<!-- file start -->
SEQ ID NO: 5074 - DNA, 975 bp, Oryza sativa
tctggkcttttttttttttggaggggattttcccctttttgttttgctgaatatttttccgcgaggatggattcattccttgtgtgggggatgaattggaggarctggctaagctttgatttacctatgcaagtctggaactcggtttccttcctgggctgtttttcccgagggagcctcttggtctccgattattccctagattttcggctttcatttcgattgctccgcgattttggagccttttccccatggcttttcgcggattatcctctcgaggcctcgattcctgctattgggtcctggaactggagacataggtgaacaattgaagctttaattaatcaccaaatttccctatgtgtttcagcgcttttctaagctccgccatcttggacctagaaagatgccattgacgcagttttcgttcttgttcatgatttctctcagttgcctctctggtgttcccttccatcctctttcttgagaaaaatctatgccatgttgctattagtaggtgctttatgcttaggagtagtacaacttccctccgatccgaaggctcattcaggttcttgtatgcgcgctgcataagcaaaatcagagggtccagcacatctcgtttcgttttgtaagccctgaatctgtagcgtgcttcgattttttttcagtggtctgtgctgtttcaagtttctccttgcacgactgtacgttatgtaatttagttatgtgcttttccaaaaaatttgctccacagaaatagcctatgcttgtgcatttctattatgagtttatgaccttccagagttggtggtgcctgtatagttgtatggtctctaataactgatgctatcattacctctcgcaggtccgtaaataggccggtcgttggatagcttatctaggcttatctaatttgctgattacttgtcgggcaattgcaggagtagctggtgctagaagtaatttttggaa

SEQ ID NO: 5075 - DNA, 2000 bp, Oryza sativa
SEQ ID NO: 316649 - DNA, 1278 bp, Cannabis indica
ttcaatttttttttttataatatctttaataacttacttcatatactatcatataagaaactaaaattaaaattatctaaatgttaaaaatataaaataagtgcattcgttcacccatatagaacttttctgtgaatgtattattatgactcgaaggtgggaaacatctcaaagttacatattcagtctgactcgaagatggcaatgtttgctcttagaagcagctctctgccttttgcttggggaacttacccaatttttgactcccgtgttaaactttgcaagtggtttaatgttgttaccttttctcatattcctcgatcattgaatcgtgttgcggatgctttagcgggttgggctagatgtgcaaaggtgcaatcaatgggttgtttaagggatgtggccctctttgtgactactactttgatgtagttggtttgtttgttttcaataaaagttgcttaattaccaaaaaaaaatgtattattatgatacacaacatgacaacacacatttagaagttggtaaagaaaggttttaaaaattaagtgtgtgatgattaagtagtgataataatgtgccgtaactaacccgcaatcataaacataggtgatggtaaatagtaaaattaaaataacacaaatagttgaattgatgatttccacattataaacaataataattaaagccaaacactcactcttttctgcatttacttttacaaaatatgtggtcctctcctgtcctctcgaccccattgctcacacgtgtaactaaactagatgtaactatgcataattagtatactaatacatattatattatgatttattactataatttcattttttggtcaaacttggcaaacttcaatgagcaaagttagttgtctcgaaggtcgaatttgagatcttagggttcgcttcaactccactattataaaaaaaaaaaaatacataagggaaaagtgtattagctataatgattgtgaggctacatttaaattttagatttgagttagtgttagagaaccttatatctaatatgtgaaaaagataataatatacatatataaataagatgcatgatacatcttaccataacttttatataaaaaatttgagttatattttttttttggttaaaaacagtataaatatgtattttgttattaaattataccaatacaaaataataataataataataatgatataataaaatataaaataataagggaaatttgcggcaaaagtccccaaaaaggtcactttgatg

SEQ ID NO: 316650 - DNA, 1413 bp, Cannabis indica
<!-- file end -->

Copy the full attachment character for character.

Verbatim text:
SEQ ID NO: 5074 - DNA, 975 bp, Oryza sativa
tctggkcttttttttttttggaggggattttcccctttttgttttgctgaatatttttccgcgaggatggattcattccttgtgtgggggatgaattggaggarctggctaagctttgatttacctatgcaagtctggaactcggtttccttcctgggctgtttttcccgagggagcctcttggtctccgattattccctagattttcggctttcatttcgattgctccgcgattttggagccttttccccatggcttttcgcggattatcctctcgaggcctcgattcctgctattgggtcctggaactggagacataggtgaacaattgaagctttaattaatcaccaaatttccctatgtgtttcagcgcttttctaagctccgccatcttggacctagaaagatgccattgacgcagttttcgttcttgttcatgatttctctcagttgcctctctggtgttcccttccatcctctttcttgagaaaaatctatgccatgttgctattagtaggtgctttatgcttaggagtagtacaacttccctccgatccgaaggctcattcaggttcttgtatgcgcgctgcataagcaaaatcagagggtccagcacatctcgtttcgttttgtaagccctgaatctgtagcgtgcttcgattttttttcagtggtctgtgctgtttcaagtttctccttgcacgactgtacgttatgtaatttagttatgtgcttttccaaaaaatttgctccacagaaatagcctatgcttgtgcatttctattatgagtttatgaccttccagagttggtggtgcctgtatagttgtatggtctctaataactgatgctatcattacctctcgcaggtccgtaaataggccggtcgttggatagcttatctaggcttatctaatttgctgattacttgtcgggcaattgcaggagtagctggtgctagaagtaatttttggaa

SEQ ID NO: 5075 - DNA, 2000 bp, Oryza sativa
SEQ ID NO: 316649 - DNA, 1278 bp, Cannabis indica
ttcaatttttttttttataatatctttaataacttacttcatatactatcatataagaaactaaaattaaaattatctaaatgttaaaaatataaaataagtgcattcgttcacccatatagaacttttctgtgaatgtattattatgactcgaaggtgggaaacatctcaaagttacatattcagtctgactcgaagatggcaatgtttgctcttagaagcagctctctgccttttgcttggggaacttacccaatttttgactcccgtgttaaactttgcaagtggtttaatgttgttaccttttctcatattcctcgatcattgaatcgtgttgcggatgctttagcgggttgggctagatgtgcaaaggtgcaatcaatgggttgtttaagggatgtggccctctttgtgactactactttgatgtagttggtttgtttgttttcaataaaagttgcttaattaccaaaaaaaaatgtattattatgatacacaacatgacaacacacatttagaagttggtaaagaaaggttttaaaaattaagtgtgtgatgattaagtagtgataataatgtgccgtaactaacccgcaatcataaacataggtgatggtaaatagtaaaattaaaataacacaaatagttgaattgatgatttccacattataaacaataataattaaagccaaacactcactcttttctgcatttacttttacaaaatatgtggtcctctcctgtcctctcgaccccattgctcacacgtgtaactaaactagatgtaactatgcataattagtatactaatacatattatattatgatttattactataatttcattttttggtcaaacttggcaaacttcaatgagcaaagttagttgtctcgaaggtcgaatttgagatcttagggttcgcttcaactccactattataaaaaaaaaaaaatacataagggaaaagtgtattagctataatgattgtgaggctacatttaaattttagatttgagttagtgttagagaaccttatatctaatatgtgaaaaagataataatatacatatataaataagatgcatgatacatcttaccataacttttatataaaaaatttgagttatattttttttttggttaaaaacagtataaatatgtattttgttattaaattataccaatacaaaataataataataataataatgatataataaaatataaaataataagggaaatttgcggcaaaagtccccaaaaaggtcactttgatg

SEQ ID NO: 316650 - DNA, 1413 bp, Cannabis indica